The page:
Tour de France Leader Is Removed From Race
Rasmussen Sent Home by His Team, Intensifying Cycling's Doping Scandal

By Jerome Pugmire
Associated Press
Thursday, July 26, 2007

GOURETTE, France, July 25 -- Tour de France leader Michael Rasmussen was removed from the race by his team after winning Wednesday's stage, the biggest blow yet in cycling's doping-tainted premier event.

"Michael Rasmussen has been sent home for violating [the team's] internal rules," Rabobank team spokesman Jacob Bergsma said by phone.

The expulsion, which Bergsma said was ordered by the Dutch team sponsor, was linked to "incorrect" information that Rasmussen gave the team's sports director regarding his whereabouts last month. Rasmussen, who also has been suspended from the team, missed random drug tests May 8 and June 28, saying he was in Mexico. But a former rider, Davide Cassani, told Denmark's Danmarks Radio on Wednesday that he had seen Rasmussen in Italy in mid-June.

Only once before in the history of the 104-year-old Tour has the race leader been expelled. In 1978, Belgian rider Michel Pollentier, trying to evade doping controls after winning a stage at the Alpe d'Huez in the Alps, was caught with an intricate tube-and-container system that contained urine that was not his, Tour historian Jean-Paul Brouchon said.

Rasmussen, who has led since July 15 and looked set to win the race, which will end on Sunday in Paris, could not be reached for comment late Wednesday.

But hours before he was kicked out of the Tour, the 33-year-old said he was being victimized.

"Of course I'm clean," Rasmussen said after a doping test following his win in the 16th stage. "Like I said, I've been tested 17 times now in less than two weeks. Both the peloton and the public, they're just taking their frustration out on me now. I mean, all I can say is that by now I had my test number 17 on this Tour, and all of those have come back negative. I don't feel I can do any more than that."

Although Rasmussen has not tested positive, race officials questioned why Rasmussen was allowed to take the start on July 7 in London.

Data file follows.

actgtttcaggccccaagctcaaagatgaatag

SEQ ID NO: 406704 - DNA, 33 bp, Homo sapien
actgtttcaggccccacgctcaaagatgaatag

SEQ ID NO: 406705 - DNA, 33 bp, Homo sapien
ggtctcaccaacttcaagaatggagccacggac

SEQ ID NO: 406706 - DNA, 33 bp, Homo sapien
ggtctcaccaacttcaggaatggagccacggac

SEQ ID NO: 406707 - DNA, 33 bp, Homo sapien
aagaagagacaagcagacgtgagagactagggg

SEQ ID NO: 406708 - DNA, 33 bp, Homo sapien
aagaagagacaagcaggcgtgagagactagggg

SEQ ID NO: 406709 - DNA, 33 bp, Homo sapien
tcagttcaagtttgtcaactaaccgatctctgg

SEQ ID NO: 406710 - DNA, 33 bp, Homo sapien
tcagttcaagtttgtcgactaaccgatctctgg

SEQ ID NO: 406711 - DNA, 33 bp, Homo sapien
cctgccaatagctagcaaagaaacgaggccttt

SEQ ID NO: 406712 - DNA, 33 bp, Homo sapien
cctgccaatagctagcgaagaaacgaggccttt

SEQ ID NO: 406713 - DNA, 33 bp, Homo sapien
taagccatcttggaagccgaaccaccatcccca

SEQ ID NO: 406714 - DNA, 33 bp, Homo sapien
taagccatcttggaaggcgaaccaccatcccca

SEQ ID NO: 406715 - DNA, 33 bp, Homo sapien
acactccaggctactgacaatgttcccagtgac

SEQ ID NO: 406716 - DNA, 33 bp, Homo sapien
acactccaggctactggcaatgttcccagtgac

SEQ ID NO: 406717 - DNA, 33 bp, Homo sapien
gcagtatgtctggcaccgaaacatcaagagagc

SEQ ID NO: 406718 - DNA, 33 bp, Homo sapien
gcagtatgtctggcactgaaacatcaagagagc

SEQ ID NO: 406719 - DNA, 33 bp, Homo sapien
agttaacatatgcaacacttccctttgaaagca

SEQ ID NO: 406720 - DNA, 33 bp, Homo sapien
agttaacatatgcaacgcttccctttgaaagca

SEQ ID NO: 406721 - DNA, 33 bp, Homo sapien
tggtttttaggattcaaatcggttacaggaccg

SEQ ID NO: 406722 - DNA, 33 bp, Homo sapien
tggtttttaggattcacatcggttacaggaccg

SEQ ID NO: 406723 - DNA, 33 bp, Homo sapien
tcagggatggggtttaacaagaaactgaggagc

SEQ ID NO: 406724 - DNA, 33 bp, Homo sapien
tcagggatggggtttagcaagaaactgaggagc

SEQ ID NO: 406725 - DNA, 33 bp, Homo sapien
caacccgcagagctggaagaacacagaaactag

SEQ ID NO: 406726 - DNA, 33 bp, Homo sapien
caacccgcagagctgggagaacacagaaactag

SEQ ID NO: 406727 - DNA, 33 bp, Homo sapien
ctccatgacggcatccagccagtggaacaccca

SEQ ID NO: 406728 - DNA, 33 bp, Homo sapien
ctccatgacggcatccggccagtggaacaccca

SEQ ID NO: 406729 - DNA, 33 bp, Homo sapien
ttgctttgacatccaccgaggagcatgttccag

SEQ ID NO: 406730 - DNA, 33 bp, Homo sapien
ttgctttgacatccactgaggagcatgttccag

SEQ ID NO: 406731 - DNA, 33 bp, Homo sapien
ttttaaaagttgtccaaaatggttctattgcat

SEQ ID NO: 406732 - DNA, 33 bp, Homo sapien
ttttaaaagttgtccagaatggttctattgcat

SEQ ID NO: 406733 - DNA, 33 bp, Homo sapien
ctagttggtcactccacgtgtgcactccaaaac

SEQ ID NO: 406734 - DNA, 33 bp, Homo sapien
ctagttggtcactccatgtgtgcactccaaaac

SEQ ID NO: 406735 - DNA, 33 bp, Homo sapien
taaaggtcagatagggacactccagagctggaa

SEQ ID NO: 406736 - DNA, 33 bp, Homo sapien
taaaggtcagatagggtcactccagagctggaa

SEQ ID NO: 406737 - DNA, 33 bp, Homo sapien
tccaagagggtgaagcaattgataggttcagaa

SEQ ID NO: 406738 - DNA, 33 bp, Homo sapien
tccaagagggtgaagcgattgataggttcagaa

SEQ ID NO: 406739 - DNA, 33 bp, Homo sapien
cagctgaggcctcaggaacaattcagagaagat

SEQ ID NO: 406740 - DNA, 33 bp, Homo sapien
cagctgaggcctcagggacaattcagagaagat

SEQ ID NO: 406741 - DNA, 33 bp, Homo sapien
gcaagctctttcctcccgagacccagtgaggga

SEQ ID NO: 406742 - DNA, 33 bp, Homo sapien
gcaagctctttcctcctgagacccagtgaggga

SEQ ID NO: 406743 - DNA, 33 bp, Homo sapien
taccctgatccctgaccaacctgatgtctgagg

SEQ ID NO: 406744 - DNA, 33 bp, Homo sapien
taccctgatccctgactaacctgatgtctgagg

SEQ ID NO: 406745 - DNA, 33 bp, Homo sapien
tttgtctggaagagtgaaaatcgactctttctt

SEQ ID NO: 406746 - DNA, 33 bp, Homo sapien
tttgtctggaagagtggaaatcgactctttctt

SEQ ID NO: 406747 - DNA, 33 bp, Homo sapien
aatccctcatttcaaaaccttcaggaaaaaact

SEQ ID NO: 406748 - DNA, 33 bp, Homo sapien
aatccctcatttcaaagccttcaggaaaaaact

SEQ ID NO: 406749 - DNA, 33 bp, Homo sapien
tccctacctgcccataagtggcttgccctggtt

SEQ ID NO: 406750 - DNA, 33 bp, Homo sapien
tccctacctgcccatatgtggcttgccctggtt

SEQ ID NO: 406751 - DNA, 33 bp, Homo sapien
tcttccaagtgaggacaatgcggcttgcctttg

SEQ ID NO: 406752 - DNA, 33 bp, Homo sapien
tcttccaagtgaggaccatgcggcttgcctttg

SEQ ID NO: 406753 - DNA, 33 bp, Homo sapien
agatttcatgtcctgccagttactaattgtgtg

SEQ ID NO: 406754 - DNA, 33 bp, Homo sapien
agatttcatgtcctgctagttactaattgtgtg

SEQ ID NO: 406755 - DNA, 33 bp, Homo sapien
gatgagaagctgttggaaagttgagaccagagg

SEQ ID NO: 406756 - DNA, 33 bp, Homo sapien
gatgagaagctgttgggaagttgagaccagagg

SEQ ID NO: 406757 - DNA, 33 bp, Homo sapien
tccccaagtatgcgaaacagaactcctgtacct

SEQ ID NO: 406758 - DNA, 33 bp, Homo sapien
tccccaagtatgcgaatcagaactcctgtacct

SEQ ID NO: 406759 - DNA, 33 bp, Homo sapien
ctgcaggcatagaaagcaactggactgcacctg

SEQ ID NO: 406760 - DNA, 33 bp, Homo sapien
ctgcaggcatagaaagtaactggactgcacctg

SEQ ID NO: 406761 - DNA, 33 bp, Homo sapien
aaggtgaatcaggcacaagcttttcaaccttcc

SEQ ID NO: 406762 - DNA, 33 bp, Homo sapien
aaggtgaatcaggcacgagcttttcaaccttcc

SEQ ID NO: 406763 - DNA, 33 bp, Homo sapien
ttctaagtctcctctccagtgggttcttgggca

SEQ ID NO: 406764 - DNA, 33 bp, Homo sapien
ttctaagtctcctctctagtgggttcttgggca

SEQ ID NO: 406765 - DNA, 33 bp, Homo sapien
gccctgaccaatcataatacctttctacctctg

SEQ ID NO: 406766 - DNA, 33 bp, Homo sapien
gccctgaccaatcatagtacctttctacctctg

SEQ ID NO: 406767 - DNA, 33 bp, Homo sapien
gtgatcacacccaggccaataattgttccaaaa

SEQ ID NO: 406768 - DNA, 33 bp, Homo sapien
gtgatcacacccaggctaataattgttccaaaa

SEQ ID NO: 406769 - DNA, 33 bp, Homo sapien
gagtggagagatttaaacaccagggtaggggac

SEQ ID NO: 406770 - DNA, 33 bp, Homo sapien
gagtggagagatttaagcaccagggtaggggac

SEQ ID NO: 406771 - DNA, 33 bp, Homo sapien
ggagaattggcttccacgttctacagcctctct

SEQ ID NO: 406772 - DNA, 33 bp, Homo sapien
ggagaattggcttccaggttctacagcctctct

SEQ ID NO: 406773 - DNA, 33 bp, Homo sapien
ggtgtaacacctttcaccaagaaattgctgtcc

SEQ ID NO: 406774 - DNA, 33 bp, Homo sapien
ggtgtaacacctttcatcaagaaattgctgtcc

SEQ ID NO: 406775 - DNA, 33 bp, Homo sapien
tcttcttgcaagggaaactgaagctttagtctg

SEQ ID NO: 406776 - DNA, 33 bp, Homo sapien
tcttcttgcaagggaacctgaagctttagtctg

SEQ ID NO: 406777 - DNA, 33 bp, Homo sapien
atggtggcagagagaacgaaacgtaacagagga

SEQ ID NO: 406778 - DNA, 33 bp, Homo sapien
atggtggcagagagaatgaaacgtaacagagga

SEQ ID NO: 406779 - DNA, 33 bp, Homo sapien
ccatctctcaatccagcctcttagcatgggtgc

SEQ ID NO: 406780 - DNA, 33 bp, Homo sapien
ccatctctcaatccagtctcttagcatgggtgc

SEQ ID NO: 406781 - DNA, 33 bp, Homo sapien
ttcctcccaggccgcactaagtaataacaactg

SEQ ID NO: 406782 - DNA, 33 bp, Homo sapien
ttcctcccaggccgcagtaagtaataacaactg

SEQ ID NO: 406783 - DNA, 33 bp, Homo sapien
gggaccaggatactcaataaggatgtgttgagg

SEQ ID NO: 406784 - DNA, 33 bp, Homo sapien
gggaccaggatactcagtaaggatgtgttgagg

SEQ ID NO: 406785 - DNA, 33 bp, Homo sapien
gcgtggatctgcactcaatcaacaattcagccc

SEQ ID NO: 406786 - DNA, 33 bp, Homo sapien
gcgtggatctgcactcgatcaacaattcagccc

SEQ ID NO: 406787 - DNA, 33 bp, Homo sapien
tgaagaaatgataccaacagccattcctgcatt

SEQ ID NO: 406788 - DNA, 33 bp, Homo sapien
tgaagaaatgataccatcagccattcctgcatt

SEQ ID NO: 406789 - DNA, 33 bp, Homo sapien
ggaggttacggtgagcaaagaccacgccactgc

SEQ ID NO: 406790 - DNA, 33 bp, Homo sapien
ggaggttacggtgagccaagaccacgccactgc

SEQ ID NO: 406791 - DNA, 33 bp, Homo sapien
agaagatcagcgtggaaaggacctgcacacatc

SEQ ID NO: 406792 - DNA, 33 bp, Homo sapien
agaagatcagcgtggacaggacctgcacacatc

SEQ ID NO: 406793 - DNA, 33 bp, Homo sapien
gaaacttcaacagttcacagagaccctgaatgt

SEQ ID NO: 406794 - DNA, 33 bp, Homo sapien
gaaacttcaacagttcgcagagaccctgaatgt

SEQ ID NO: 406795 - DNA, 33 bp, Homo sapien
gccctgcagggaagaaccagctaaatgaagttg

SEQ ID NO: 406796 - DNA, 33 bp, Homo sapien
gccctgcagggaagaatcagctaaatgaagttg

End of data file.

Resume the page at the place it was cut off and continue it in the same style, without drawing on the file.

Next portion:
"We cannot say that Rasmussen cheated, but his flippancy and his lies on his whereabouts had become unbearable," Tour director Christian Prudhomme said.

The leader of cycling's governing body applauded the decision.

"My immediate reaction is, why didn't they do this at the end of June, when they had the same information," said Pat McQuaid, president of the UCI. "The team decided to pull him out; that's their prerogative. I can only applaud that. It's a zero-tolerance policy, and it's a lesson for the future."

With Rasmussen out, Spanish rider Alberto Contador of the Discovery Channel team moved into the lead. Australian Cadel Evans, who rides for Predictor-Lotto, moved up to second, with U.S. rider Levi Leipheimer, also with Discovery, now third.

"It's in no way a celebration on our end. It's the third piece of bad news," Discovery Channel spokesman P.J. Rabice said. "It reflects badly on our sport."

In recent days, Tour riders had openly voiced their skepticism about Rasmussen, and some fans booed him at the start of Wednesday's stage. Last week, he was kicked off the Danish national team for those two missed drug tests.

After the Tour's upbeat start in London, when millions of spectators lined the streets, bad news -- nearly all of it related to doping -- quickly claimed the spotlight.

German rider Patrick Sinkewitz crashed into a spectator, then was revealed to have failed a drug test in training before the race began.

Then on Tuesday, star cyclist Alexandre Vinokourov of Kazakhstan was sent home after testing positive for a banned blood transfusion, and his team pulled out of the race. Wednesday, it happened again when the Cofidis squad confirmed one of its riders, Cristian Moreni of Italy, had failed a doping test, prompting the withdrawal of the entire squad.

Police detained Moreni, who was in 54th place overall, after he finished the stage and searched the hotel where his Cofidis team was staying. Results from the raid weren't expected until Thursday. France has tough laws against trafficking in doping products.

"He accepted his wrongdoing and did not ask for a 'B' sample," Cofidis Manager Eric Boyer said, referring to a follow-up test athletes are entitles to ask for following a positive test result.

At the start of the stage, dozens of riders staged a silent protest against the continuing doping scandals. The pack of riders split into two groups: those who took the start as normal -- including Rasmussen -- and those who protested by hanging back, causing a 13-minute delay.

"We're fed up," AG2R rider Ludovic Turpin of France told Eurosport television.

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